Freed advises avoiding people who constantly dwell on negativity about the ex. While venting is important, it’s also important to focus on what’s possible.
Start dating again.
Dating can be a great way to boost your confidence and get back out there. It’s also a chance to meet new people and expand your social circle.
According to marriage and family therapist Lisa Paz, if it feels good, it’s not too soon to start dating again. So, ask your friends for fix-ups or try reputable dating sites to meet new people.
Remember to keep things light and have fun. You don’t need to find a soul mate, just someone pleasant for dinner and a movie.
Rediscover your sexuality.
After a divorce, it’s natural to feel nervous or anxious about being intimate with someone new. You may feel out of practice or unsure of yourself.
To get reacquainted with your body, relationship expert O’Neill advises taking long baths, reminiscing about past sexual pleasures, or fantasizing about what a new partner might do. If you haven’t masturbated in a while, take it slow to discover what kinds of touch and rhythms lead to orgasm.
If you run into problems with arousal or orgasm, don’t worry. About 10% of women have difficulty achieving orgasm, according to studies. Talk to your gynecologist or see a sex therapist to identify the issue and find a solution.
Take it Slow.
After a divorce, it can be tempting to jump into a new relationship to prove your desirability. However, it’s essential to proceed with caution and take some precautions to protect your physical and emotional health.
Always use condoms to prevent sexually transmitted infections and unwanted pregnancy. While the chances of getting pregnant decline with age, fortysomething women still have the second-highest rate of unintended pregnancy after teenagers.
Remember that casual sex may provide temporary relief, but it’s unlikely to soothe the deeper emotional pain. According to therapist Sarah Freed, “Women sometimes take sexual risks to boost self-esteem, but ultimately, women need men to care about them – not just their bodies.”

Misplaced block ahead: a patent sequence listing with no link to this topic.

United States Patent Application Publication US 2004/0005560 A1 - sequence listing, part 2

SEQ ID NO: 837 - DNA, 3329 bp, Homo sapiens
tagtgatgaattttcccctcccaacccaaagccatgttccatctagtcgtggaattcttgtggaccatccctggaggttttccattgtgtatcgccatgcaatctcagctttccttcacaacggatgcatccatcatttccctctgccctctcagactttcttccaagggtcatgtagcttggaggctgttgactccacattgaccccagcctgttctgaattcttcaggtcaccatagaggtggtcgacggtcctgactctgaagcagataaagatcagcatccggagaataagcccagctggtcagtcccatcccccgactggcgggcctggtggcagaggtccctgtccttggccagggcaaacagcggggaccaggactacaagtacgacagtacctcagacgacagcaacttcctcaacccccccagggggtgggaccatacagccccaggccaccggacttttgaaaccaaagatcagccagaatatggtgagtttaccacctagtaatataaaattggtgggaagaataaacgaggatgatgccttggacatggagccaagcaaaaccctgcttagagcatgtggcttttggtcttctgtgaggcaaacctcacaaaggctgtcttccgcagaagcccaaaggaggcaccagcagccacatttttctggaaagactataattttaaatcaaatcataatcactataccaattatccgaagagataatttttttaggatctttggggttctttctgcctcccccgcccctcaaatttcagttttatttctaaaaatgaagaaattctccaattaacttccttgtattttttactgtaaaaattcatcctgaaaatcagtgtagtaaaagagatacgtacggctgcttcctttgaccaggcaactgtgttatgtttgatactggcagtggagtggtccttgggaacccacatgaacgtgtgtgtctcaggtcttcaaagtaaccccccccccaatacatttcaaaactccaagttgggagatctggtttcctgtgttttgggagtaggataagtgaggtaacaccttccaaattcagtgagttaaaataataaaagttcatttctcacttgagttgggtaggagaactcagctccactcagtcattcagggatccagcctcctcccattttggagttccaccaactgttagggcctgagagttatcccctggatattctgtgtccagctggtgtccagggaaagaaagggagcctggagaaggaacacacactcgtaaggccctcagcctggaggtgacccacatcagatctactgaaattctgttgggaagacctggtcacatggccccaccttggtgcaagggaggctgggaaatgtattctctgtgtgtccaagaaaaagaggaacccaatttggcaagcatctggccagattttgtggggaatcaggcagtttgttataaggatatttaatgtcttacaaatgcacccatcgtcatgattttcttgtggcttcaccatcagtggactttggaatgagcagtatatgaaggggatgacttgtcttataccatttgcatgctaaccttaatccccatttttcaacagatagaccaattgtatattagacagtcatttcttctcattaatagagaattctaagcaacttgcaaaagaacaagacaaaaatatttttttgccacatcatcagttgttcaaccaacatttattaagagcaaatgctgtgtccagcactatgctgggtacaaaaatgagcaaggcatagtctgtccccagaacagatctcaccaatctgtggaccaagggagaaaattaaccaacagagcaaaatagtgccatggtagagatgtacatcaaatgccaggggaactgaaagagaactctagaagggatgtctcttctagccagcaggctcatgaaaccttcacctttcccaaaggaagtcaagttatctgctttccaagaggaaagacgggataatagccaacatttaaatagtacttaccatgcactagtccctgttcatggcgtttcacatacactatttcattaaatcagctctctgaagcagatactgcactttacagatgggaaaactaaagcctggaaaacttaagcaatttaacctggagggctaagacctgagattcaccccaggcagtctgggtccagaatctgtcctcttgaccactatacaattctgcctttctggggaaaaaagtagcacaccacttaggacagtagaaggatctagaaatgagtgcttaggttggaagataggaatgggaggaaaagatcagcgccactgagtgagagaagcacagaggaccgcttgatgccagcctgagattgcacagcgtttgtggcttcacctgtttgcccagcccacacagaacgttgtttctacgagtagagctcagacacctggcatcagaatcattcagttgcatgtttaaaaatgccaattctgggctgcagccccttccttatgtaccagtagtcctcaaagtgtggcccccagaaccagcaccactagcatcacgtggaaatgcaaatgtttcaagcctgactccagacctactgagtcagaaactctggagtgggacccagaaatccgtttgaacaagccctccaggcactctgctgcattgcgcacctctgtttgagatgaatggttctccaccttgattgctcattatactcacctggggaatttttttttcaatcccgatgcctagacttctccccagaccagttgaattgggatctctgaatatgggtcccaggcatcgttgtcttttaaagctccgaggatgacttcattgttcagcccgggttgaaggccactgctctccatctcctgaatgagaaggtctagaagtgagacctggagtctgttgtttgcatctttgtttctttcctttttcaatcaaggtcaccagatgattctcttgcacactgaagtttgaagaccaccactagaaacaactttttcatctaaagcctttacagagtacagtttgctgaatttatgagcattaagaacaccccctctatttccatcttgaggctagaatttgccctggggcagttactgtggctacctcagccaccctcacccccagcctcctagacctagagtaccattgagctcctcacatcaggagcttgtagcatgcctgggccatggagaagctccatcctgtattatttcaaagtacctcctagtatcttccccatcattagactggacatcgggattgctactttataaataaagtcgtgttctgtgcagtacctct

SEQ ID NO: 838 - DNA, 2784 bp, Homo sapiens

Get Smart with Finances: Reclaim Your Independence
Even if you handled the finances during your marriage, it’s essential to educate yourself about money matters. Taking control of your finances is crucial to regaining a sense of independence and control over your life.
To get started, consider taking personal finance management classes at your local community college or adult education center. You can also join an investment club to learn about investing in the stock market. The National Association of Investors Corp. (Better Investing Community) is a nonprofit organization that teaches people how to navigate the stock market and can help you find a club near you.
Make a Bucket List: Rediscover Your Passions
Divorce creates a void, but it also presents an opportunity to rediscover your old and new interests. During a marriage, we often give up parts of ourselves to accommodate our partners. Now is the time to focus on yourself and explore your passions.
As therapist Sarah Freed notes, “In any relationship, no matter how good, we give up parts of ourselves. Now it’s all about you. What do you want to experience before you pass away?”
Many women rebound from divorce and create fulfilling lives. As Vicki Stark, creator of the Sudden Wife Abandonment Project, shares, “They rebuilt [their lives] in ways they had never imagined. They went back to school, traveled, remodeled their homes, and started careers.”
Celebrate Being Single: Embrace Your New Life
Coming out of the divorce darkness is an achievement worth celebrating. Take a trip with friends or family or by yourself, if you can afford it. Or throw a “divorce shower” to recoup items you lost in the split.
As therapist Bonnie O’Neill points out, “A celebration marks that you’re moving forward with your new life.” Embrace your new life and enjoy the freedom and opportunities that come with being single.
Divorce is a challenging experience, but it’s possible to not only survive it but also come out stronger on the other side. By recognizing your emotions, prioritizing self-care, seeking professional guidance, considering your children’s needs, and taking financial precautions, you can cope with divorce and thrive in your new life.